Flash sale: Why everyday electronics prices go up and down

DeGroote School of Business professor Sourav Ray studies how retailers decide what kind of discounts to give on multi-component electronics, like computers or cameras.

DeGroote School of Business professor Sourav Ray studies how retailers decide what kind of discounts to give on multi-component electronics, like computers or cameras.

If you’ve ever wondered why camera or computer prices fluctuate, rest assured, it’s not random. DeGroote Associate Professor Sourav Ray examines how sale prices on these common multi-component systems are determined.

“I study how prices change, and that is always a hot topic with the public because it leads to questions such as, ‘Should these prices be regulated?’” says Ray, Research Director, Marketing Analytics, at the Marketing and Supply Chain Analytics (MiSCAN) lab.

“To answer that, we need to understand how pricing decisions are made, as well as what impact certain pricing actions have on consumer welfare.”

Ray’s research looks into how certain price and product strategies generate value, leading to greater returns for a company. With so many aspects of our lives driven by technology, it’s important for people to know how certain goods are valued, he says.

When it comes to multi-component systems, such as cameras (think lens, body, flash) or computers (keyboard, monitor, hard drive), Ray studied price reductions, as well as component prices and bundle prices.

When stores change the price of an item, the decision to discount various components versus an entire bundled system is affected by the nature of the product’s industry.

“For example, there are many more suppliers of components for computers compared to cameras, which often tend to be sold as a bundle,” Ray explains. “Given their exposure to computer component prices, consumers are more aware of the spectrum of prices for these components. So, all it takes is a small discount on computer components to convey value and generate consumer attention.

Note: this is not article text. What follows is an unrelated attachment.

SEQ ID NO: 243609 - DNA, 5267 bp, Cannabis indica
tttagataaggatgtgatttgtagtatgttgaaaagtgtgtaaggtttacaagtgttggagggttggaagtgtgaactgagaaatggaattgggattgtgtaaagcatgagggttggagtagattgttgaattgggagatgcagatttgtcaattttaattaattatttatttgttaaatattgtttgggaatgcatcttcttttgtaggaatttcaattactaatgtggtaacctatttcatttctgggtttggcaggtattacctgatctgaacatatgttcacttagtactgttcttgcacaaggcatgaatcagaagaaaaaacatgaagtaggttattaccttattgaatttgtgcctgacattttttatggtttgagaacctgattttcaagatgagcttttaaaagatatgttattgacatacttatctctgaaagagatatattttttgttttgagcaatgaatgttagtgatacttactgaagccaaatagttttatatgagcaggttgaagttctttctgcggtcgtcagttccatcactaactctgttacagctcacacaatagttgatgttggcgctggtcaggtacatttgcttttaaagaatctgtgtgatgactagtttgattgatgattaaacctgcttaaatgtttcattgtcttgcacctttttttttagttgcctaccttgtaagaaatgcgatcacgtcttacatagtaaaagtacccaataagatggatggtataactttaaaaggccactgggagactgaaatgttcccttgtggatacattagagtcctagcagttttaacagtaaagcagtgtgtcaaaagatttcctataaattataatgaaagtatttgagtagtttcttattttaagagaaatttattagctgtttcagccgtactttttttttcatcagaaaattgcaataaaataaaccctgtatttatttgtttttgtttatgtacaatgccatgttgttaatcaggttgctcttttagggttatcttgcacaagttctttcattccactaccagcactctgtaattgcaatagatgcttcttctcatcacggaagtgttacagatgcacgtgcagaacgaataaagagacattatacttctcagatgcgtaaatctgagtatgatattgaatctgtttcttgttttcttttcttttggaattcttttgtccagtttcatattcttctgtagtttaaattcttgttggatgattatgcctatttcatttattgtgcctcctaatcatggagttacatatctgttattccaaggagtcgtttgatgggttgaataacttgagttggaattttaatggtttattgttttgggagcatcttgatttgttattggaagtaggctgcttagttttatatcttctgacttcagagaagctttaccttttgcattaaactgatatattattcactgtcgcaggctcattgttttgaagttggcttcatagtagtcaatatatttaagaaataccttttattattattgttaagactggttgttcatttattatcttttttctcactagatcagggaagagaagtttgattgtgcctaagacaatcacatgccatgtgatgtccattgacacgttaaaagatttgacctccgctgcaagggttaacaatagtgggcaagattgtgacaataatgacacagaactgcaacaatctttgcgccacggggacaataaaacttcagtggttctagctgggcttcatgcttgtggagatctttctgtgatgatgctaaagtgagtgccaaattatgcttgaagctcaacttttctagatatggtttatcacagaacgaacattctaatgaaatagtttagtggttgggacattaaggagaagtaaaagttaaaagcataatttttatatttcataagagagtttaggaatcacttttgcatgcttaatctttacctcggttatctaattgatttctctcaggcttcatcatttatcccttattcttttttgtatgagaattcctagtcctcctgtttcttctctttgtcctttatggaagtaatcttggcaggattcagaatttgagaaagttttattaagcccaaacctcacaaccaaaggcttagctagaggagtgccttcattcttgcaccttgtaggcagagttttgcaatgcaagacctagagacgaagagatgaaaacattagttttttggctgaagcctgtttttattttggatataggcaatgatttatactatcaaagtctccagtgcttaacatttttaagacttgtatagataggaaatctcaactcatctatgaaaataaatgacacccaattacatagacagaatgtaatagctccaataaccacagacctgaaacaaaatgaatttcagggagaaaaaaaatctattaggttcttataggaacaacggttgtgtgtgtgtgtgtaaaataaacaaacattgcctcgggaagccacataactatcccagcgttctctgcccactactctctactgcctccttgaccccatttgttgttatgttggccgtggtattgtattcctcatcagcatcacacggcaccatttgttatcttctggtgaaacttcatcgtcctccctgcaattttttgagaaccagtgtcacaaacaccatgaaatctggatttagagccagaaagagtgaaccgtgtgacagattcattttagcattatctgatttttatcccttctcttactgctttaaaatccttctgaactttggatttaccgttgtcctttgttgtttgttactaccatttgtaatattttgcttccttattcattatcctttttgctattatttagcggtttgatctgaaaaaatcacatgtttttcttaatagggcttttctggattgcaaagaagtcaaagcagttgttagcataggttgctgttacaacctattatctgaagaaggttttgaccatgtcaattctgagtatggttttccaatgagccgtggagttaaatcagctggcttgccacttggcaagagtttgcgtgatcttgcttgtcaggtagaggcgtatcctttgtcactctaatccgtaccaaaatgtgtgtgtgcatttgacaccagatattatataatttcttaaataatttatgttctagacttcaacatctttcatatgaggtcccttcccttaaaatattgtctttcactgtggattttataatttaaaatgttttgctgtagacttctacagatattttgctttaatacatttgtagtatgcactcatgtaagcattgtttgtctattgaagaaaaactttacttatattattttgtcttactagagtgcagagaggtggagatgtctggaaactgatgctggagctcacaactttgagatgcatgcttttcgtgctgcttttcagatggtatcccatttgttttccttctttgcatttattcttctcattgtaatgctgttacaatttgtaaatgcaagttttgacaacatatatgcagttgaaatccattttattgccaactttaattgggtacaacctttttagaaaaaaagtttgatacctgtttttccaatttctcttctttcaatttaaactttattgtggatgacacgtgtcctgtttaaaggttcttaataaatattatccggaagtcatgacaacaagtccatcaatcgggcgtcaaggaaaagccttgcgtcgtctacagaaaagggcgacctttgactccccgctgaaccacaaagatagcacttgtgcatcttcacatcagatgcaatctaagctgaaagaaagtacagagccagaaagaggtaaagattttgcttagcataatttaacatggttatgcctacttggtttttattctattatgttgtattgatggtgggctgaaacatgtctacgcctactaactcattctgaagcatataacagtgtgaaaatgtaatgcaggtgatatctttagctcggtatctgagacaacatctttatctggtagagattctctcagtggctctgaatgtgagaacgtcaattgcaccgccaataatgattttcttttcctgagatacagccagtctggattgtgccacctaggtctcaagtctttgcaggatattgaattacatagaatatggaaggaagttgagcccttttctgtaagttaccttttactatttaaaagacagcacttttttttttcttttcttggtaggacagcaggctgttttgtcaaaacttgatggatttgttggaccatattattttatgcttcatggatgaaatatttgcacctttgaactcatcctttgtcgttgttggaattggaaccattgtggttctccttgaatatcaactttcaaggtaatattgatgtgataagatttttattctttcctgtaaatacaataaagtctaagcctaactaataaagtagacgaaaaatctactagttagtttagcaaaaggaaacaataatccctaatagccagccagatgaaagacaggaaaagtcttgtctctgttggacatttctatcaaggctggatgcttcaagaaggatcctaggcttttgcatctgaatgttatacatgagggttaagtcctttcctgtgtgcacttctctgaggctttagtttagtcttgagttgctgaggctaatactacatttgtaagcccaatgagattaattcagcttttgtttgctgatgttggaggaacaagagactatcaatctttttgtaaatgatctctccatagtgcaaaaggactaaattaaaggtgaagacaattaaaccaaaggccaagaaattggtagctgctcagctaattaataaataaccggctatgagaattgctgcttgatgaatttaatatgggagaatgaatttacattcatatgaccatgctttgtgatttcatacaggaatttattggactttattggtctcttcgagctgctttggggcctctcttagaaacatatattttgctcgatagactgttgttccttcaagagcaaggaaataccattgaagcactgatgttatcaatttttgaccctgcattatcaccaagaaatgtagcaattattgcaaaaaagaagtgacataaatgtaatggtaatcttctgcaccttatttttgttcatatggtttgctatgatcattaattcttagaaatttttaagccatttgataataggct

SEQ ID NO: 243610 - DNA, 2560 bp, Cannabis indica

“On the other hand,” he continues, “the many possible variations of a computer bundle make the bundle prices hard to pin down. Consequently, stores would need to give larger discounts for a computer bundle to attract consumer attention. Interestingly, the situation for cameras is exactly the opposite.”

Ray’s other areas of interest include distribution channels and technology, and the government’s role in retail-pricing practices. One study involving the latter looked at Item-Pricing Laws (IPL), which in certain locations require retailers to place a price tag on every item.

While IPL measures are meant to ensure consumers are not overcharged at the point of sale, Ray’s research found that item pricing led to higher prices. That’s because IPL increases the costs of price adjustment when, for example, labels have to be printed during each sale and re-printed once the sale ends. The store must account for the additional cost of re-printing labels and implementing the price change, which it does by increasing prices.

When Ray’s IPL study was published in the Journal of Law and Economics, he was called to the Michigan Legislature because the state was looking at reforming its IPL laws.

In addition to exploring technology and retail, Ray has also branched into topics such as business ethics in the modern marketing age; how the Internet of Things affects interactions between industrial suppliers and buyers; and how data analytics can be used for more efficient transactions within a distribution channel.

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